Volunteer art program at St. Margaret giving kids an appreciation for creativity

LISA JOHNSTON | lisajohnston@archstl.org

Rem Eiler carefully held the still damp clay dish he had crafted. As he admired his handiwork, he described the sponging technique he used to mould it into a small square dish, complete with imprints he'd made on top of the tray using a small branch from an evergreen.

"I'll probably give this to my mom," he said.

The fifth-grader at St. Margaret of Scotland School said he enjoys art, especially sketching. So when he was given the opportunity to try working with modeling clay during a recent art project at school, he decided to give it a whirl, even though it was something beyond what he would normally have considered.

St. Margaret students have been enjoying new ways of creating art, thanks to a new program called Art @ SMOS. The collaboration pairs parents, grandparents and other adult volunteers with faculty to provide art lessons as part of the school's curriculum. There are 388 students in preschool through eighth grade. More than 30 adults help volunteer with the program. In June, the group received a $1,000 grant from the Shaw Neighborhood Improvement Association, which has gone toward professional development for the volunteers as well as funding for the art coordinator.

Principal Julie Hesed said that the program, which is in its second full year, grew out of a desire to offer more specialized art instruction to students. Previously, classroom teachers had been teaching art to the students -- the school does not have a full-time art teacher on staff. Several parents who have special artistic talents got together and formed a volunteer group to come in and teach students every other week, as a supplement to what teachers already had been providing.

"Art is not only about our appreciation of beauty, but expressing our creativity and making a connection to God, our creator," said Mary Lisa Penilla, who coordinates Art @ SMOS. "This is especially helpful for students who love art. It's their way to understand and process the world."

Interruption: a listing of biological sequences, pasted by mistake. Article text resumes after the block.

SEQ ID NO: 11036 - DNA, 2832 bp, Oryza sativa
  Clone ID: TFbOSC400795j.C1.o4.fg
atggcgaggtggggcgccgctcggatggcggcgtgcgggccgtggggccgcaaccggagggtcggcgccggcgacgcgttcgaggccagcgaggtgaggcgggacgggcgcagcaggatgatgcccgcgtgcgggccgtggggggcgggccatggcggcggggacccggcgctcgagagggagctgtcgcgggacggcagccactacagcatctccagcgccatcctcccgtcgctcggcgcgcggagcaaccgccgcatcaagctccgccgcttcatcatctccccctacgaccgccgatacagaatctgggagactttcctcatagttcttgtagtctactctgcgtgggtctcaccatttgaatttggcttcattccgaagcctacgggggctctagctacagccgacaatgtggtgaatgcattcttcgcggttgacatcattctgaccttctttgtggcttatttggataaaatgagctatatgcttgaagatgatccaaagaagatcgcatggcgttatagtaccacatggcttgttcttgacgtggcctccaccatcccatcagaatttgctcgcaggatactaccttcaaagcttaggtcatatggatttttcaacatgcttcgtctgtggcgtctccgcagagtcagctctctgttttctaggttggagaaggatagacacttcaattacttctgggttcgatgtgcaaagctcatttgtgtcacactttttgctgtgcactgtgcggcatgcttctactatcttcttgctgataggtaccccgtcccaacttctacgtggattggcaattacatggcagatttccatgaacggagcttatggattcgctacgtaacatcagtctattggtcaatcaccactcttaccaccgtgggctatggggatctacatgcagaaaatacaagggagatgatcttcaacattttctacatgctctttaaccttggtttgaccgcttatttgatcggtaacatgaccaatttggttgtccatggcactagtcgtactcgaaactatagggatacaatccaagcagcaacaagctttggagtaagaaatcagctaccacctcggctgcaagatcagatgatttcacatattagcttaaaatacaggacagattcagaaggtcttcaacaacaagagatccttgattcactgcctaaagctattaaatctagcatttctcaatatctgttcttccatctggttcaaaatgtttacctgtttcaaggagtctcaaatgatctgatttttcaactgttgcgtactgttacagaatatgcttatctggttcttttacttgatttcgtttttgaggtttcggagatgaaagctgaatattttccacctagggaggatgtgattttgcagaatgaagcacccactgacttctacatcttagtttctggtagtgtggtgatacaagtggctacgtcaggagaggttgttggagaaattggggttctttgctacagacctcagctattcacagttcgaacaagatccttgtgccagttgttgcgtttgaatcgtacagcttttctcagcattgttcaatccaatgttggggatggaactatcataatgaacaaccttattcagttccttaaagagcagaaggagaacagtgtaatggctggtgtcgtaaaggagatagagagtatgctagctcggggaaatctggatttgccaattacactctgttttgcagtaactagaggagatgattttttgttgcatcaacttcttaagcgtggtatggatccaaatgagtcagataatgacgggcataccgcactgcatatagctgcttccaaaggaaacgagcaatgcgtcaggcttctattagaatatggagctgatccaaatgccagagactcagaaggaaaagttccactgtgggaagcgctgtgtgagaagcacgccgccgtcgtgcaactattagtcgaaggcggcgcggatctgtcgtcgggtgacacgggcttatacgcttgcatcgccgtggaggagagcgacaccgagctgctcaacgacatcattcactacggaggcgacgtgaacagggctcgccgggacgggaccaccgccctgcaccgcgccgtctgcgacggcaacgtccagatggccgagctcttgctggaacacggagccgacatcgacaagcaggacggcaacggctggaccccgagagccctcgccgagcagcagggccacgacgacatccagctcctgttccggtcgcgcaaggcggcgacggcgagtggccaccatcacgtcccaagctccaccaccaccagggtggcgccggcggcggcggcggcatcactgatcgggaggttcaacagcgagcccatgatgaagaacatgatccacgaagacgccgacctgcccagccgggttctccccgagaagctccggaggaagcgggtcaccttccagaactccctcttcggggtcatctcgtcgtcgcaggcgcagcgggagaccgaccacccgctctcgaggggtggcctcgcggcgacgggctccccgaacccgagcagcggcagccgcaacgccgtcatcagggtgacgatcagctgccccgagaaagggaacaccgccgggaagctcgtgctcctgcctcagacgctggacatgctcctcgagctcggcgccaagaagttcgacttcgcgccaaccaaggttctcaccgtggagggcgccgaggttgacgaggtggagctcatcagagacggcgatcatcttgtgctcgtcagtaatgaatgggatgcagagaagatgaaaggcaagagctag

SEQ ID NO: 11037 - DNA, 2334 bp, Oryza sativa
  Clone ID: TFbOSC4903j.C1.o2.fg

Several years ago, parent Jen Kavanaugh volunteered to teach art to her son's class. She and Penilla eventually came together and started talking about the possibility of expanding the effort into a volunteer group, and then Kavanaugh went on to become a fifth-grade teacher at the school.

"It's completely transformed the school," said Kavanaugh. "The students have more artistic sensibilities, they have developed their art vocabulary, and they have a sense of being artists. When (art) becomes a piece of everything they do, it allows them to be better problem solvers, and to look at the whole, and the pieces of the whole."

Earlier this month, students participated in the first Artists in Action Exhibit. Almost a dozen adult volunteers came into the school to showcase their artistic talents, including acrylic on canvas, mosaics, jewelry and metalwork, watercolor, mixed media and graphic design. Afterward, students in third through eighth grades got the opportunity to create art using one of those techniques. The school received an anonymous donation of more than $300 to purchase supplies for the activity.

Yvonne Pena, a freshman at Bishop DuBourg High School and graduate of St. Margaret, came to the exhibit on her day off from school to help out. An eighth-grader last year, Yvonne said she enjoyed being able to try new art techniques. She said she was able to develop her interest in art thanks to the Art @ SMOS program.

"I was happy I could use my talents at school, and not just at home," she said.

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